092. What Should I Do When Someone is Guilty?

05 Mar, 2013

There’s times where we jump to conclusions about someone after hearing one piece of information.  Especially if they have history.  So that doesn’t automatically mean that those tap dancing shoes that were found are mine.

Our opinion of someone shapes how quickly we jump to a certain conclusion about them. All people have their own tendencies which shapes our perception of them. Your little brother Billy always leaves the milk out.  Sister Susie eats all the pudding.  And dad?  Well, apparently he’s the one who’s at fault for everything else.

Yes, if someone has created a pattern of behavior, we can make an educated guess on who’s at fault. But so what?  It’s really not about finding out the truth.

Just for a second, just assume they are guilty.  Now what?

Does someone’s guilt give us any reason to treat them any differently than if they were innocent?

Let’s assume for a second that your kids didn’t throw their uneaten tacos away even though you told them to.  Do you now treat them with any less love than if they obeyed? What you will say to them will change of course, but should it change how you treat them?

For an example, we just have to look to how Christ talked to sinners in John 4 and John 8.  He spoke to them out of love. We do not just show love to the innocent but to the guilty. Not only that, but shouldn’t our love for the guilty include wanting to make sure they don’t sin further?

So if it’s within our responsibility, we should be showing love by figuring out how we can help them turn from sinning to glorifying God. In the example of our kids being disobedient, we need to figure out how to discipline with love, along with teaching them that it’s not about the tacos, but about glorifying God because it’s obedience to his command of honor your father and mother. The fact they were guilty actually should motivate us to ministry.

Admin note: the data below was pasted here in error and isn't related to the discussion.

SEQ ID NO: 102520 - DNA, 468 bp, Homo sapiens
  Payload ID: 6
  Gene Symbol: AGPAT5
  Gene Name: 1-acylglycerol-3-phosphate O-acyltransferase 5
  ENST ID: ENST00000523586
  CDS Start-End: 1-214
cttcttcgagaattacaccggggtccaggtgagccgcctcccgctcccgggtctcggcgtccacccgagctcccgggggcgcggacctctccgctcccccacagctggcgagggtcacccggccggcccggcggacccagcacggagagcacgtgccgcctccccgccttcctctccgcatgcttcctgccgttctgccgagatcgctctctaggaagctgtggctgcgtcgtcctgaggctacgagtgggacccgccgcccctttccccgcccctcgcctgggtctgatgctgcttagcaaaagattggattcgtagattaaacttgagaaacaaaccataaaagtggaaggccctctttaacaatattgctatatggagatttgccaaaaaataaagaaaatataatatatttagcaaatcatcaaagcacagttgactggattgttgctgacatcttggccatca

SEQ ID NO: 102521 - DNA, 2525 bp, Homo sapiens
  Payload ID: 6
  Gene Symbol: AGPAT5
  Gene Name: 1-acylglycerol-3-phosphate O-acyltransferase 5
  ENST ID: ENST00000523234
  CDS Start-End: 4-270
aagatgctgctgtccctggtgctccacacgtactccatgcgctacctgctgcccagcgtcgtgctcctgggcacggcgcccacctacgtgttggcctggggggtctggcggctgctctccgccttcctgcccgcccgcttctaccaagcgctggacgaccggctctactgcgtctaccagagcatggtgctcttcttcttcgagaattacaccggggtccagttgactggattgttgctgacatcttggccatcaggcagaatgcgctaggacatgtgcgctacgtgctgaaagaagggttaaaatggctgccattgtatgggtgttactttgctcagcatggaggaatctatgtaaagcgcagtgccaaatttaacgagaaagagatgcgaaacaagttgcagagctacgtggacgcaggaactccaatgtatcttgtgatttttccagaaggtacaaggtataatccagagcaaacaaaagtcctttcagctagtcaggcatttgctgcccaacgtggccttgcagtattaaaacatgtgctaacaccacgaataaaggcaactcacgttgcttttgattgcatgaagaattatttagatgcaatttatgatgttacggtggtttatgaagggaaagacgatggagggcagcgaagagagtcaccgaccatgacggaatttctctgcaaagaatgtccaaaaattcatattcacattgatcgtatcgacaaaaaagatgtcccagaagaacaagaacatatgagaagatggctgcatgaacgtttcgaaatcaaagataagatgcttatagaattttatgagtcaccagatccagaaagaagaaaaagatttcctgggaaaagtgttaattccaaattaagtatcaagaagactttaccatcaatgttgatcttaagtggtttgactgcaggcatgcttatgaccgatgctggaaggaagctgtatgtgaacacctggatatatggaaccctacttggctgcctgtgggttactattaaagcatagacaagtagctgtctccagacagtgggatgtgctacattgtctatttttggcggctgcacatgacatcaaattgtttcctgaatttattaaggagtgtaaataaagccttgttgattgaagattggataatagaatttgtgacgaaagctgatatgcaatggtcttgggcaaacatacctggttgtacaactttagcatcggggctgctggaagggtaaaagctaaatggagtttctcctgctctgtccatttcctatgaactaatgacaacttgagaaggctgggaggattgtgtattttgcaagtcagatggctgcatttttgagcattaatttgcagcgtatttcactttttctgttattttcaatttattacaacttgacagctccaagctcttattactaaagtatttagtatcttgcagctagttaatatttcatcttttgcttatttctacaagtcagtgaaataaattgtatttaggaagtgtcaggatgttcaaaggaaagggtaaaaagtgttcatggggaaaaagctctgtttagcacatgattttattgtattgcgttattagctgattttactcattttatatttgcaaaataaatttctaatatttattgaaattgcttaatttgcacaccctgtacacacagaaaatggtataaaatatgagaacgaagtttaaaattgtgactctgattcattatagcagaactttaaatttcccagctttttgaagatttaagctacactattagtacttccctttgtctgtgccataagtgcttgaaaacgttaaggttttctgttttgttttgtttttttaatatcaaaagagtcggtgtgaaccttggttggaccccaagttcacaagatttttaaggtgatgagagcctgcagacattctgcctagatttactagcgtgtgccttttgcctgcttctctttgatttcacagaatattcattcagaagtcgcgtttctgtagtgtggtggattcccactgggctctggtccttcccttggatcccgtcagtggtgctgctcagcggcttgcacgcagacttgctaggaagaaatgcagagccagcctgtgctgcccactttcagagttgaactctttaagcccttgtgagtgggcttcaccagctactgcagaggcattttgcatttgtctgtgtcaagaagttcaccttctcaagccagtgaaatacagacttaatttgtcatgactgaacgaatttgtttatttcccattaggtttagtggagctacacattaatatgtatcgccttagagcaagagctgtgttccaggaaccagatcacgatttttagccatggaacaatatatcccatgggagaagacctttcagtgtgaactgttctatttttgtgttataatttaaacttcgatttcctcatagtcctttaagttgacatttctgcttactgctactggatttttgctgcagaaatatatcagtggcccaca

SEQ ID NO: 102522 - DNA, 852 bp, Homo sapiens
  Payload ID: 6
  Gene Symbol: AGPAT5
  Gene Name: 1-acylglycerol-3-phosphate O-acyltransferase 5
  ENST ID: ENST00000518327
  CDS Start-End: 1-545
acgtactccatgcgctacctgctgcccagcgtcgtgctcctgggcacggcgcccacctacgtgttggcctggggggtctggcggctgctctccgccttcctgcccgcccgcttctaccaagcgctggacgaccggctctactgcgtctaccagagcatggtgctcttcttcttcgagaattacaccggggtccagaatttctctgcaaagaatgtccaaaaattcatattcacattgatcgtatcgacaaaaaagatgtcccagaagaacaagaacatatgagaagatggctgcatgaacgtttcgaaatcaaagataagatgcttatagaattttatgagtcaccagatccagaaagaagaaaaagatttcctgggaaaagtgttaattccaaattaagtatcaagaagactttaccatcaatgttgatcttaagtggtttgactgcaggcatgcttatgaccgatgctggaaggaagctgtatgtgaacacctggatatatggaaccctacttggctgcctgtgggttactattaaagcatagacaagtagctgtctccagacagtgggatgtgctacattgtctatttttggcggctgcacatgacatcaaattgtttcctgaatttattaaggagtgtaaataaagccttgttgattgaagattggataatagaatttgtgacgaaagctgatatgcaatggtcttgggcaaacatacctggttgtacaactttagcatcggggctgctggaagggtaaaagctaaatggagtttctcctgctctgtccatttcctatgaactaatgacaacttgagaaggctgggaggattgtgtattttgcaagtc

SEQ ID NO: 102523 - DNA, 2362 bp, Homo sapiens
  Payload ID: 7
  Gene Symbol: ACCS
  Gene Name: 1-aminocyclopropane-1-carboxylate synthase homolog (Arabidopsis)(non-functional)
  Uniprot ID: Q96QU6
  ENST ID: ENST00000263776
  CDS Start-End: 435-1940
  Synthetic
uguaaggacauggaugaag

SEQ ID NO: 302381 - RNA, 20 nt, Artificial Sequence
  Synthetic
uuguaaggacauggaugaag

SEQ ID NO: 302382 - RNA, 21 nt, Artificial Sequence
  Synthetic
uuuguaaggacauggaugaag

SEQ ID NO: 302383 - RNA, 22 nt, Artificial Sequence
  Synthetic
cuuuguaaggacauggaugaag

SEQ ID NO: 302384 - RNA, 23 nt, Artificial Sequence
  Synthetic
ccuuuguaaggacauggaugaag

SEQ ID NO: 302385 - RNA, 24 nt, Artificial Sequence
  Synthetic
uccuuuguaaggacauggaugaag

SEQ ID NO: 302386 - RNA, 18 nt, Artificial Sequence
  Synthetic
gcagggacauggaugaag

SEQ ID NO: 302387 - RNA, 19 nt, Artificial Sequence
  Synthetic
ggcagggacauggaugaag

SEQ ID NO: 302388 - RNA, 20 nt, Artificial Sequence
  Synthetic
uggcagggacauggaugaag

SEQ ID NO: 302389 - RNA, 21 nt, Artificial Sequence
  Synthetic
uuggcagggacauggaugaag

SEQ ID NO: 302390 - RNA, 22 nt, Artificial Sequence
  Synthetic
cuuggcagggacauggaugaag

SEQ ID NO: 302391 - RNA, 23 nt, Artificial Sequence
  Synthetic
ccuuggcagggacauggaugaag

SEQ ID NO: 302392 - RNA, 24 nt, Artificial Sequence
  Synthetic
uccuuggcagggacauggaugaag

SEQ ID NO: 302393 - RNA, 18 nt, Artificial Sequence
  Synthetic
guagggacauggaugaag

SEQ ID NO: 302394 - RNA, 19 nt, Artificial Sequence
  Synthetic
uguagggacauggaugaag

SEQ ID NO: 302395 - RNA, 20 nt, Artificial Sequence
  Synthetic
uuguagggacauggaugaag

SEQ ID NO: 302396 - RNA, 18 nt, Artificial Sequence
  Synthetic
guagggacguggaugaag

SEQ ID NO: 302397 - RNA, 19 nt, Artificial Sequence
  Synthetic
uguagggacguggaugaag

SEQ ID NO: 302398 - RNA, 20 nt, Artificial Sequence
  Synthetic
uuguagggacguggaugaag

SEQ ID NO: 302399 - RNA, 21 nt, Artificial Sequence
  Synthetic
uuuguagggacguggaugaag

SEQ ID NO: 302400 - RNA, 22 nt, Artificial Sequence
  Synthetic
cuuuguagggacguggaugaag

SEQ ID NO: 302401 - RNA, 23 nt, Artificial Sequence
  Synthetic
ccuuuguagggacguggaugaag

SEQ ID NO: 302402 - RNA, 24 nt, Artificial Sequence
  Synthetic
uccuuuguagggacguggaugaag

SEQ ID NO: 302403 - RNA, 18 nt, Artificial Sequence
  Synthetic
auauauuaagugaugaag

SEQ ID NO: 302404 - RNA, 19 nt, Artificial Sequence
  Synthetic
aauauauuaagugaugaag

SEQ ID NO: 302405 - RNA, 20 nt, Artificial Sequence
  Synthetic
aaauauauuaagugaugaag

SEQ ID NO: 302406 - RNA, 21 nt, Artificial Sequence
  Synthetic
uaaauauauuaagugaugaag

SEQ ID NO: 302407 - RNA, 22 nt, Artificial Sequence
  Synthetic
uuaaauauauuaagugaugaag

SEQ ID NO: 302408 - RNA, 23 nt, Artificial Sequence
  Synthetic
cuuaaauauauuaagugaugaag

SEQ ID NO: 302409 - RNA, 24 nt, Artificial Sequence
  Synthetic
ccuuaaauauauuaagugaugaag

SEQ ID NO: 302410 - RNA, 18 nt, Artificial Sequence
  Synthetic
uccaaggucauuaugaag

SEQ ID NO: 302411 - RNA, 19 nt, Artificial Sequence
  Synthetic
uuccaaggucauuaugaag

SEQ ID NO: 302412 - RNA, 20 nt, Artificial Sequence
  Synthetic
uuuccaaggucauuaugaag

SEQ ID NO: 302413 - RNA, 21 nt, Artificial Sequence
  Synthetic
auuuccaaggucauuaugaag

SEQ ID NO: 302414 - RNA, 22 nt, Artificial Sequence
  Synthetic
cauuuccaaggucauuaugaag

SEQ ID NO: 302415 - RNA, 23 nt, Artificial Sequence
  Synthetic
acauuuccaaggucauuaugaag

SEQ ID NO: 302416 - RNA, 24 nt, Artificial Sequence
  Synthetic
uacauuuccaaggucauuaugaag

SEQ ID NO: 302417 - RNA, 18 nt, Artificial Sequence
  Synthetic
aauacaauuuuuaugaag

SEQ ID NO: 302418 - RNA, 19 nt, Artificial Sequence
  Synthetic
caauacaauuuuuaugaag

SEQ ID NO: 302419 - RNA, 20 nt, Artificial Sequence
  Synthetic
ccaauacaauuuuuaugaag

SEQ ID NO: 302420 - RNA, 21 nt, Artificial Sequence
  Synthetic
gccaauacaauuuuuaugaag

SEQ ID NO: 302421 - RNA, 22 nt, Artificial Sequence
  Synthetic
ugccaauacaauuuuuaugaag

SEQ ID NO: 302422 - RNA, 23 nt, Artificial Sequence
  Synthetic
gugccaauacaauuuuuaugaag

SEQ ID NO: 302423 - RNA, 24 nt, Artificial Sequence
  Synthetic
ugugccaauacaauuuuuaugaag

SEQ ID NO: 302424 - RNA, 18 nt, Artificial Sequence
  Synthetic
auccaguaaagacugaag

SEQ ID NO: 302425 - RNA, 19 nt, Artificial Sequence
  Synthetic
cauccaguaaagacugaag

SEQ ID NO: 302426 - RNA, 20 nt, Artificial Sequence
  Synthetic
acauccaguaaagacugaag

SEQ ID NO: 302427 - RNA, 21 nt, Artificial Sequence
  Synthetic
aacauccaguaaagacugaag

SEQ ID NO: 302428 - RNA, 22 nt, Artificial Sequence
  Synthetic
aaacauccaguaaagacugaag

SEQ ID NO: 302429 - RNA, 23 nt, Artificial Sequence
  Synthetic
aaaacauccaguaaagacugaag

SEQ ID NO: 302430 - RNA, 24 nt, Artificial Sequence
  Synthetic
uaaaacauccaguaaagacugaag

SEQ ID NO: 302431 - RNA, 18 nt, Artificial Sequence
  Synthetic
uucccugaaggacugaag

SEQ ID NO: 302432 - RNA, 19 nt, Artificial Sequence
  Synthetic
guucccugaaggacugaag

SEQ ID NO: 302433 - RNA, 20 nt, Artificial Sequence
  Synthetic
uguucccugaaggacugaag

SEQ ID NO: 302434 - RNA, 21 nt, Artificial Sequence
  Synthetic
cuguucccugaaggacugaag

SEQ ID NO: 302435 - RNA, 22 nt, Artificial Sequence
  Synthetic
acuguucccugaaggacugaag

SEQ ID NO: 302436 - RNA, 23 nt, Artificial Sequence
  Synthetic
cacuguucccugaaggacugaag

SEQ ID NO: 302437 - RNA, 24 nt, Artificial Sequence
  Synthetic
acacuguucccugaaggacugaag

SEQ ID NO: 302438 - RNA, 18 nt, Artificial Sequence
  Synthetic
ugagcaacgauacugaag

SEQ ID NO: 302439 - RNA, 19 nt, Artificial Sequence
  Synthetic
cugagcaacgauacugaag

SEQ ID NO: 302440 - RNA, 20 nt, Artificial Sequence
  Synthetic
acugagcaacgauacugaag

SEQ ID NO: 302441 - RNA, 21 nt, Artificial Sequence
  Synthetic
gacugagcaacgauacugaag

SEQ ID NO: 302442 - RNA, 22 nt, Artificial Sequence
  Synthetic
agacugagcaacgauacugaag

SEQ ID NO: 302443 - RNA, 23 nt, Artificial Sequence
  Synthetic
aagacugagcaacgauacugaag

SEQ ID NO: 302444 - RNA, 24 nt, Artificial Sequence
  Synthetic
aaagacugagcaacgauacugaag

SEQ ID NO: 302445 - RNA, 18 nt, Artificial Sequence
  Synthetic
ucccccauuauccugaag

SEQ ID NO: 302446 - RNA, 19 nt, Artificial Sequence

So what do we do?

There is no magic bullet for this to make this happen overnight because this is a transformation of our outlook of our relationship with others. We have to view ourselves as ministers first – where our ministry is to help people glorify God.

Galatians 6:1 Brothers and sisters, if someone is caught in a sin, you who live by the Spirit should restore that person gently. Hebrews 10:24 And let us consider how we may spur one another on toward love and good deeds

It’s not about finding guilt, but reducing it – through ministry. So start this ministry with the people closest to you.  Not only will it help them, but it will also help you because if they are sinning and glorifying God more, you become a recipient of that.  

There will be less conflict, which lowers your chance of sinning as well. And when both parties aren’t busy sinning against each other, there will be more opportunity for glorifying God and for ministry. And when will you know you’re getting to that point where your outlook has changed from finding guilt to ministry?  

It’s when others see it, and you develop a pattern of behavior where people say, “That dude never says anything bad about anyone.  They’re so positive and loving.  I wish I could be their friend and give them $50.” And in case that’s what you where thinking about me, I accept all major credit cards.


Galatians 6:1 Brothers and sisters, if someone is caught in a sin, you who live by the Spirit should restore that person gently. Hebrews 10:24 And let us consider how we may spur one another on toward love and good deeds

Take Time To Pray: Ask God to help you think ministry first in your relationships. Today’s Fruit of the Spirit: Love.

Share this: